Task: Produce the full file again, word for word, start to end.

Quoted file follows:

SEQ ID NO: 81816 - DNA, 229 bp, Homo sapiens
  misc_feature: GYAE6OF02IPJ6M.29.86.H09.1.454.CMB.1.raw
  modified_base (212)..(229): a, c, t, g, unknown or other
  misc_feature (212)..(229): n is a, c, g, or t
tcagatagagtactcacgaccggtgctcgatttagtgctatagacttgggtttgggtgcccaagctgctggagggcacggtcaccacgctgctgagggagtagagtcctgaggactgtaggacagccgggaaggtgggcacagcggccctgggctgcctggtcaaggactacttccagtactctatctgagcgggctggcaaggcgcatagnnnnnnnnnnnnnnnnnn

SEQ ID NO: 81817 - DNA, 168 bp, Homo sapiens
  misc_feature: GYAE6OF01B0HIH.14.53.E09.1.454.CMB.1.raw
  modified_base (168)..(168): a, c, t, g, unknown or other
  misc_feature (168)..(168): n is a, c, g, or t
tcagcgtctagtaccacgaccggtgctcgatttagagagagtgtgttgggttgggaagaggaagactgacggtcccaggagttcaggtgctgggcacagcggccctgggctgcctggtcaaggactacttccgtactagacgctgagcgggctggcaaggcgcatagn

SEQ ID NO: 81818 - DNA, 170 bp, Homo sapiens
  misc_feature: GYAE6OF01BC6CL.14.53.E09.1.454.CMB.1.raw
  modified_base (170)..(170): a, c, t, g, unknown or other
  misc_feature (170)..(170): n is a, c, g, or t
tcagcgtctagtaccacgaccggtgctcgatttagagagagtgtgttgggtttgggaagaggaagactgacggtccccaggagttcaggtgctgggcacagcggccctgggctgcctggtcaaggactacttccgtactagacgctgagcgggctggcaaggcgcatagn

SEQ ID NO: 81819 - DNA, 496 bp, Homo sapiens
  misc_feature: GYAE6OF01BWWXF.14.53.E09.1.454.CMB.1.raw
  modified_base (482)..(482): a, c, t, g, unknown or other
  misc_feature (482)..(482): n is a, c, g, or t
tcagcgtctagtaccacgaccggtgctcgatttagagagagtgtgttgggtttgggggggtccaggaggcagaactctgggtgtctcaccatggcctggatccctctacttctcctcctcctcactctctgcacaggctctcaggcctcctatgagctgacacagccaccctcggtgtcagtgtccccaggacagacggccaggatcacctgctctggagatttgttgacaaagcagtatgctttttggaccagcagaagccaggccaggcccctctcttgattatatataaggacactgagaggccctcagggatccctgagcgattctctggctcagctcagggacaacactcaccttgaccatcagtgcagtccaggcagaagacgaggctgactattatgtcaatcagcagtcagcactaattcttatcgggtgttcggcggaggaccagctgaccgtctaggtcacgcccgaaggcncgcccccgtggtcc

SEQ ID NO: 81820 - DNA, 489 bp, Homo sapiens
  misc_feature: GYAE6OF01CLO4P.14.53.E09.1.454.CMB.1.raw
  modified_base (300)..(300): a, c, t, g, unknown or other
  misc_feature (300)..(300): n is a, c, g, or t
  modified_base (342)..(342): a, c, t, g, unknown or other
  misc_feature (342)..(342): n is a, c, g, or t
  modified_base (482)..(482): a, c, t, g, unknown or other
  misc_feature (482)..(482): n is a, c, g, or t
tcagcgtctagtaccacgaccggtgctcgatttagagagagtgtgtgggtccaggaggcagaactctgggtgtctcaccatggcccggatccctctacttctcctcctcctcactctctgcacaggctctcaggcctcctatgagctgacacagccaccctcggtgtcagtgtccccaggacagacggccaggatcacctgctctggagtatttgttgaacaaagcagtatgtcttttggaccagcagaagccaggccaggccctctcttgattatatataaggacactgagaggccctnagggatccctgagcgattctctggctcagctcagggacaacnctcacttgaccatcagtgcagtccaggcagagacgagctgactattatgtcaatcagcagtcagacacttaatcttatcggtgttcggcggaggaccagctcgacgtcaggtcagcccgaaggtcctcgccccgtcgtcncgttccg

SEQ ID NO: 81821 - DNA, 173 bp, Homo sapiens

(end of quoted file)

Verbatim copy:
SEQ ID NO: 81816 - DNA, 229 bp, Homo sapiens
  misc_feature: GYAE6OF02IPJ6M.29.86.H09.1.454.CMB.1.raw
  modified_base (212)..(229): a, c, t, g, unknown or other
  misc_feature (212)..(229): n is a, c, g, or t
tcagatagagtactcacgaccggtgctcgatttagtgctatagacttgggtttgggtgcccaagctgctggagggcacggtcaccacgctgctgagggagtagagtcctgaggactgtaggacagccgggaaggtgggcacagcggccctgggctgcctggtcaaggactacttccagtactctatctgagcgggctggcaaggcgcatagnnnnnnnnnnnnnnnnnn

SEQ ID NO: 81817 - DNA, 168 bp, Homo sapiens
  misc_feature: GYAE6OF01B0HIH.14.53.E09.1.454.CMB.1.raw
  modified_base (168)..(168): a, c, t, g, unknown or other
  misc_feature (168)..(168): n is a, c, g, or t
tcagcgtctagtaccacgaccggtgctcgatttagagagagtgtgttgggttgggaagaggaagactgacggtcccaggagttcaggtgctgggcacagcggccctgggctgcctggtcaaggactacttccgtactagacgctgagcgggctggcaaggcgcatagn

SEQ ID NO: 81818 - DNA, 170 bp, Homo sapiens
  misc_feature: GYAE6OF01BC6CL.14.53.E09.1.454.CMB.1.raw
  modified_base (170)..(170): a, c, t, g, unknown or other
  misc_feature (170)..(170): n is a, c, g, or t
tcagcgtctagtaccacgaccggtgctcgatttagagagagtgtgttgggtttgggaagaggaagactgacggtccccaggagttcaggtgctgggcacagcggccctgggctgcctggtcaaggactacttccgtactagacgctgagcgggctggcaaggcgcatagn

SEQ ID NO: 81819 - DNA, 496 bp, Homo sapiens
  misc_feature: GYAE6OF01BWWXF.14.53.E09.1.454.CMB.1.raw
  modified_base (482)..(482): a, c, t, g, unknown or other
  misc_feature (482)..(482): n is a, c, g, or t
tcagcgtctagtaccacgaccggtgctcgatttagagagagtgtgttgggtttgggggggtccaggaggcagaactctgggtgtctcaccatggcctggatccctctacttctcctcctcctcactctctgcacaggctctcaggcctcctatgagctgacacagccaccctcggtgtcagtgtccccaggacagacggccaggatcacctgctctggagatttgttgacaaagcagtatgctttttggaccagcagaagccaggccaggcccctctcttgattatatataaggacactgagaggccctcagggatccctgagcgattctctggctcagctcagggacaacactcaccttgaccatcagtgcagtccaggcagaagacgaggctgactattatgtcaatcagcagtcagcactaattcttatcgggtgttcggcggaggaccagctgaccgtctaggtcacgcccgaaggcncgcccccgtggtcc

SEQ ID NO: 81820 - DNA, 489 bp, Homo sapiens
  misc_feature: GYAE6OF01CLO4P.14.53.E09.1.454.CMB.1.raw
  modified_base (300)..(300): a, c, t, g, unknown or other
  misc_feature (300)..(300): n is a, c, g, or t
  modified_base (342)..(342): a, c, t, g, unknown or other
  misc_feature (342)..(342): n is a, c, g, or t
  modified_base (482)..(482): a, c, t, g, unknown or other
  misc_feature (482)..(482): n is a, c, g, or t
tcagcgtctagtaccacgaccggtgctcgatttagagagagtgtgtgggtccaggaggcagaactctgggtgtctcaccatggcccggatccctctacttctcctcctcctcactctctgcacaggctctcaggcctcctatgagctgacacagccaccctcggtgtcagtgtccccaggacagacggccaggatcacctgctctggagtatttgttgaacaaagcagtatgtcttttggaccagcagaagccaggccaggccctctcttgattatatataaggacactgagaggccctnagggatccctgagcgattctctggctcagctcagggacaacnctcacttgaccatcagtgcagtccaggcagagacgagctgactattatgtcaatcagcagtcagacacttaatcttatcggtgttcggcggaggaccagctcgacgtcaggtcagcccgaaggtcctcgccccgtcgtcncgttccg

SEQ ID NO: 81821 - DNA, 173 bp, Homo sapiens